Sunday, July 09, 2006

"Happy Hunting Ground"

In the landscape of words and phrases that are somehow associated with American Indians is "Happy Hunting Ground."

I spent a half hour or so, just now, trying to figure out where/when it entered common usage. So far, all I find suggests it dates back to the early 1800s, and that it is a paradise or heaven for American Indians....

Personally, I intensely dislike the phrase. Ann Rinaldi used it in at least one of her books, and I just ran across it in Lois Lenski's Indian Captive: The Story of Mary Jemison, first published in 1941. On page 59, Lenski writes:
After a time their grief subsided and they rejoiced to remember that their brother had gone to the Happy Hunting Grounds above the sky.
I'll spend more time digging on that phrase... Who said it first? Was it an American Indian? What tribe? Why? Skeptic that I am, I'll bet it was a non-Native person... A writer perhaps, or maybe a hobbyist! The hobbyists were (and are) pretty prolific at coming up with "Indian lore."

Update at 8:40 PM: Amazon has a nifty option, that allows you to search the text of a book. On a hunch, I searched James Fenimore Cooper's books and found he used "Happy Hunting Ground" in Pioneers, on page 760. That book came out in 1823. (Last of the Mohicans came out in 1826.) Any librarians reading the blog? If you can find an earlier reference, that'd be terrific!

3 comments:

rindambyers said...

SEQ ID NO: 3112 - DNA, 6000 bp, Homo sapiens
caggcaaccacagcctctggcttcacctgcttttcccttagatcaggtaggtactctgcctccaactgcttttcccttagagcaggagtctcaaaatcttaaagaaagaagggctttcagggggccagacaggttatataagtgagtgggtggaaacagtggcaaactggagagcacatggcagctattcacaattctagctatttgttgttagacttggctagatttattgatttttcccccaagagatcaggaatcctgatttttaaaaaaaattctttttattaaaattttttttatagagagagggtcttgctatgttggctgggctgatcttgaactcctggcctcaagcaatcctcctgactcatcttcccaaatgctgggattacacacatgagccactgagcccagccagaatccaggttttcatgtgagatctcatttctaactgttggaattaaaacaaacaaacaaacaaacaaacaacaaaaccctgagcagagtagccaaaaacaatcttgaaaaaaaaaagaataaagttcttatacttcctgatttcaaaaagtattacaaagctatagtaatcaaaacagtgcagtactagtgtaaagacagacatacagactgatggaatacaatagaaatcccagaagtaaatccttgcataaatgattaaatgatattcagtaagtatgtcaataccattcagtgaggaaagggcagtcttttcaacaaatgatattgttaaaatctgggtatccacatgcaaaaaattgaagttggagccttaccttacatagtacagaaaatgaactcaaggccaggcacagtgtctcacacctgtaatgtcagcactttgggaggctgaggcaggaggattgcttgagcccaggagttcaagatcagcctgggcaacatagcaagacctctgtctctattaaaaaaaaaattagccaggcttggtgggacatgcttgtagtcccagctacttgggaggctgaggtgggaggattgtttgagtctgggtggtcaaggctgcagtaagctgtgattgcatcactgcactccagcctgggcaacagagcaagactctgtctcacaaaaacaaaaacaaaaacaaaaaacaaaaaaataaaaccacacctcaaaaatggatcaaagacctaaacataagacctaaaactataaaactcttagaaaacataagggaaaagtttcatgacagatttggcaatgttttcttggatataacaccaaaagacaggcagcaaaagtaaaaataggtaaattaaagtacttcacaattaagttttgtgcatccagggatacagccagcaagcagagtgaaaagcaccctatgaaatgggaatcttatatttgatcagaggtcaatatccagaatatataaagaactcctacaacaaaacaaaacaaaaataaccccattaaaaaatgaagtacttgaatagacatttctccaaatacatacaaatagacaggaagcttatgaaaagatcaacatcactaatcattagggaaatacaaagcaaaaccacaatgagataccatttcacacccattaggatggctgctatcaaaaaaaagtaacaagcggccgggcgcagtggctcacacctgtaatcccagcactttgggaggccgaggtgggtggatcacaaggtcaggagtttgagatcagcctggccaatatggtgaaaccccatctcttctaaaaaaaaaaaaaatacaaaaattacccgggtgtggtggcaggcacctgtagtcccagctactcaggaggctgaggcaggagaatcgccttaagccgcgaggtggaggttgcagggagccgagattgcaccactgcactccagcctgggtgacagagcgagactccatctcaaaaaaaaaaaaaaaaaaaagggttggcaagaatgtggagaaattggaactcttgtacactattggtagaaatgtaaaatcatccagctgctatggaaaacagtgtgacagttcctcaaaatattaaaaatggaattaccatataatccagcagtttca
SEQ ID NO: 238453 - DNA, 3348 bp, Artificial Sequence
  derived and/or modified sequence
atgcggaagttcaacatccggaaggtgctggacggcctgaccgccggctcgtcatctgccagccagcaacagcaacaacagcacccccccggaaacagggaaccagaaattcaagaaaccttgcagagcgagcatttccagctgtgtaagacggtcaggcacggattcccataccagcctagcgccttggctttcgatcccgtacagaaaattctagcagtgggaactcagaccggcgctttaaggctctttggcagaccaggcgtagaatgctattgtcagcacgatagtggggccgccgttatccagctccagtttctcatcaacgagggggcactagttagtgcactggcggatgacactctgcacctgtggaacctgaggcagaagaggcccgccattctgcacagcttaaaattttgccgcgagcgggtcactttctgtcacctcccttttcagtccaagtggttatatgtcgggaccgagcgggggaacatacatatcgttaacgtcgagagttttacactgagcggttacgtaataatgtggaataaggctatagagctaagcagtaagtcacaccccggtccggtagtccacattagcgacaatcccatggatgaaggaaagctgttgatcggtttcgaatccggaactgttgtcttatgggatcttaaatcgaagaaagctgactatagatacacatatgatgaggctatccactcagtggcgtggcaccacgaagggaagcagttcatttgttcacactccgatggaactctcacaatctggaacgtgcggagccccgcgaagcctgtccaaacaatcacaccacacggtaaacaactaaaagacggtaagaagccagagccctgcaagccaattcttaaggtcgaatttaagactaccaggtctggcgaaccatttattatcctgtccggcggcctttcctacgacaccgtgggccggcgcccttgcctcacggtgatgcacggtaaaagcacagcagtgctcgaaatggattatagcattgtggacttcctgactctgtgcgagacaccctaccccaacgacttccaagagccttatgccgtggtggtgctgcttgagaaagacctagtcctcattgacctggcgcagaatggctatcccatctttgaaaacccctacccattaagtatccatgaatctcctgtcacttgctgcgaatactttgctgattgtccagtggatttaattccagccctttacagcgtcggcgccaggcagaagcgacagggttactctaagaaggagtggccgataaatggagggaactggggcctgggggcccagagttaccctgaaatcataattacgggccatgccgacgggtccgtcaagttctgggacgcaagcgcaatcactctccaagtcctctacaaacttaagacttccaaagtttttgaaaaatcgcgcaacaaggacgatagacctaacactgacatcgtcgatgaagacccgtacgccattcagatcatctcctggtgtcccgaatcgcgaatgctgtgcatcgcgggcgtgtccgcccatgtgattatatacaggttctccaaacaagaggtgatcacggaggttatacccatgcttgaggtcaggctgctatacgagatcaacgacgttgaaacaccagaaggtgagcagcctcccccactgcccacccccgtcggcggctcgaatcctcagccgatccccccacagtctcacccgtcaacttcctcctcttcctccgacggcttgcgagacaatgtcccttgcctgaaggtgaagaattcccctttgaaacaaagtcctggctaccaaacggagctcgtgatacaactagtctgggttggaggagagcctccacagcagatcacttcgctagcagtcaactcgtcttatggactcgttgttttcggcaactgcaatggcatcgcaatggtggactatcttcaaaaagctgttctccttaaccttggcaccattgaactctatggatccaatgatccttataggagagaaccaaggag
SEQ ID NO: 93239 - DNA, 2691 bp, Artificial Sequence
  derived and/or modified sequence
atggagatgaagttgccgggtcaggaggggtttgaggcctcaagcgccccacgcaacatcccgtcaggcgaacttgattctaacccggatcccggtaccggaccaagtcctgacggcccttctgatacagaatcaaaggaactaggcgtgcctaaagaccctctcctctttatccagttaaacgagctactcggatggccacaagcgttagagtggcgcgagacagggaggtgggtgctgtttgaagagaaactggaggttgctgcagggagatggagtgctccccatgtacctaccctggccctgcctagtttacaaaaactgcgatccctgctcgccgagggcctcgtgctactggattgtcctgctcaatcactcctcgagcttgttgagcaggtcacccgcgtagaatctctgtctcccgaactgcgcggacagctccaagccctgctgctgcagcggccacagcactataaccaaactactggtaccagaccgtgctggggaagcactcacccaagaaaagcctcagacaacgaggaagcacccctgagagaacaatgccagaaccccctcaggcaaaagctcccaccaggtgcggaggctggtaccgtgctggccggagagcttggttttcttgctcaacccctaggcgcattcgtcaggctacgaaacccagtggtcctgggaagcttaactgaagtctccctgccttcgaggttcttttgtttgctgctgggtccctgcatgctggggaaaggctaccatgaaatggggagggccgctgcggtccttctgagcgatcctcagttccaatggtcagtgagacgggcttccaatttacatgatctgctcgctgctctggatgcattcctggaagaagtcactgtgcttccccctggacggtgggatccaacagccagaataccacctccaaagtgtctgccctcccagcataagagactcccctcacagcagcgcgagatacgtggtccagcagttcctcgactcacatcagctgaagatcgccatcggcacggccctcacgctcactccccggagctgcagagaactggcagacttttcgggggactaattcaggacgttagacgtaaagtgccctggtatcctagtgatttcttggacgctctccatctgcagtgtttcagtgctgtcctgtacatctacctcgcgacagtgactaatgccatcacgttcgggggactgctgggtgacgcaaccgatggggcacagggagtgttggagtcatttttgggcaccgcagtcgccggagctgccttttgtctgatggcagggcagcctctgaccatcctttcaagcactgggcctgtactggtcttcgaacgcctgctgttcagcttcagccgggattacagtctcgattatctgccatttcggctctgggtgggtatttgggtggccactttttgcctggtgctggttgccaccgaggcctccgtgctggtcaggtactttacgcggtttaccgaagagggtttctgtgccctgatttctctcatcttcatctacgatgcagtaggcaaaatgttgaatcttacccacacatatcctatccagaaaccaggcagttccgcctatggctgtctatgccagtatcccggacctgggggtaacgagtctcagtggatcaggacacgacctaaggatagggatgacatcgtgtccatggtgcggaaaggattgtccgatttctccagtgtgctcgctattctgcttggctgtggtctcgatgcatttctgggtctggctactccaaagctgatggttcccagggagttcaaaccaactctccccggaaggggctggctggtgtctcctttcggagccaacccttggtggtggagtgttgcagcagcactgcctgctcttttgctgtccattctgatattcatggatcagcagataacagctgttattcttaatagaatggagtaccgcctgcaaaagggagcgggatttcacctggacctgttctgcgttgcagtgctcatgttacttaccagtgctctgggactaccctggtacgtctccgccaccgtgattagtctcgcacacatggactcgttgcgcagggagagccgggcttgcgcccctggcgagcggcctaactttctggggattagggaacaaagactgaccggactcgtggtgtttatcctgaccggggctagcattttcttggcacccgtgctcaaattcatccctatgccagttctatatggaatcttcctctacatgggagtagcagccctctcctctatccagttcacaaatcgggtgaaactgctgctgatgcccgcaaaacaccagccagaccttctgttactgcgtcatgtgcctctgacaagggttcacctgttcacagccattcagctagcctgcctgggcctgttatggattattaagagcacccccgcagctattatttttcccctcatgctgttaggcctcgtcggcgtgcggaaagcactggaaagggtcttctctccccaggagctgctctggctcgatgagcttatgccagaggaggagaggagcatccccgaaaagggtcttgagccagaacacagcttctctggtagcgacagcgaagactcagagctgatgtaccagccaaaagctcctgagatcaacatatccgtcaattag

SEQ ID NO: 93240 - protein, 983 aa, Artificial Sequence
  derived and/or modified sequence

Yeah, I had a gut feeling the Lenski book was romanticizing. Will look forward to more of your comments on it with great interest.

Anonymous said...

Weird, I've never heard this used with people. It was where my dad always told me that dogs went, a cosmology which sort of makes sense and has the advantage of being, um, not glaringly offensive.

John Green said...

I woke up this morning thinking of that expression and had an interesting insight. The Ohio valley, largely depopulated by the Iroquois during the Beaver Wars, was known as kantuckee and was used by various Native American peoples as a hunting ground. The Iroquois nominally held it but because it was so large could not police it. The etymology of Kentucky is disputed but two origins seem most common. Iroquoian: Place of meadows. Wyandot: Land where we will live tomorrow. Let us assume the latter. Did these people literally mean this is the place where I will go the very next day or did they mean this is a place I will go some day, perhaps when I die? As to Happy Hunting Ground this too relates to the place I will go when I die. Kentucky is often even today referred to as a happy hunting ground. Is there some connection here?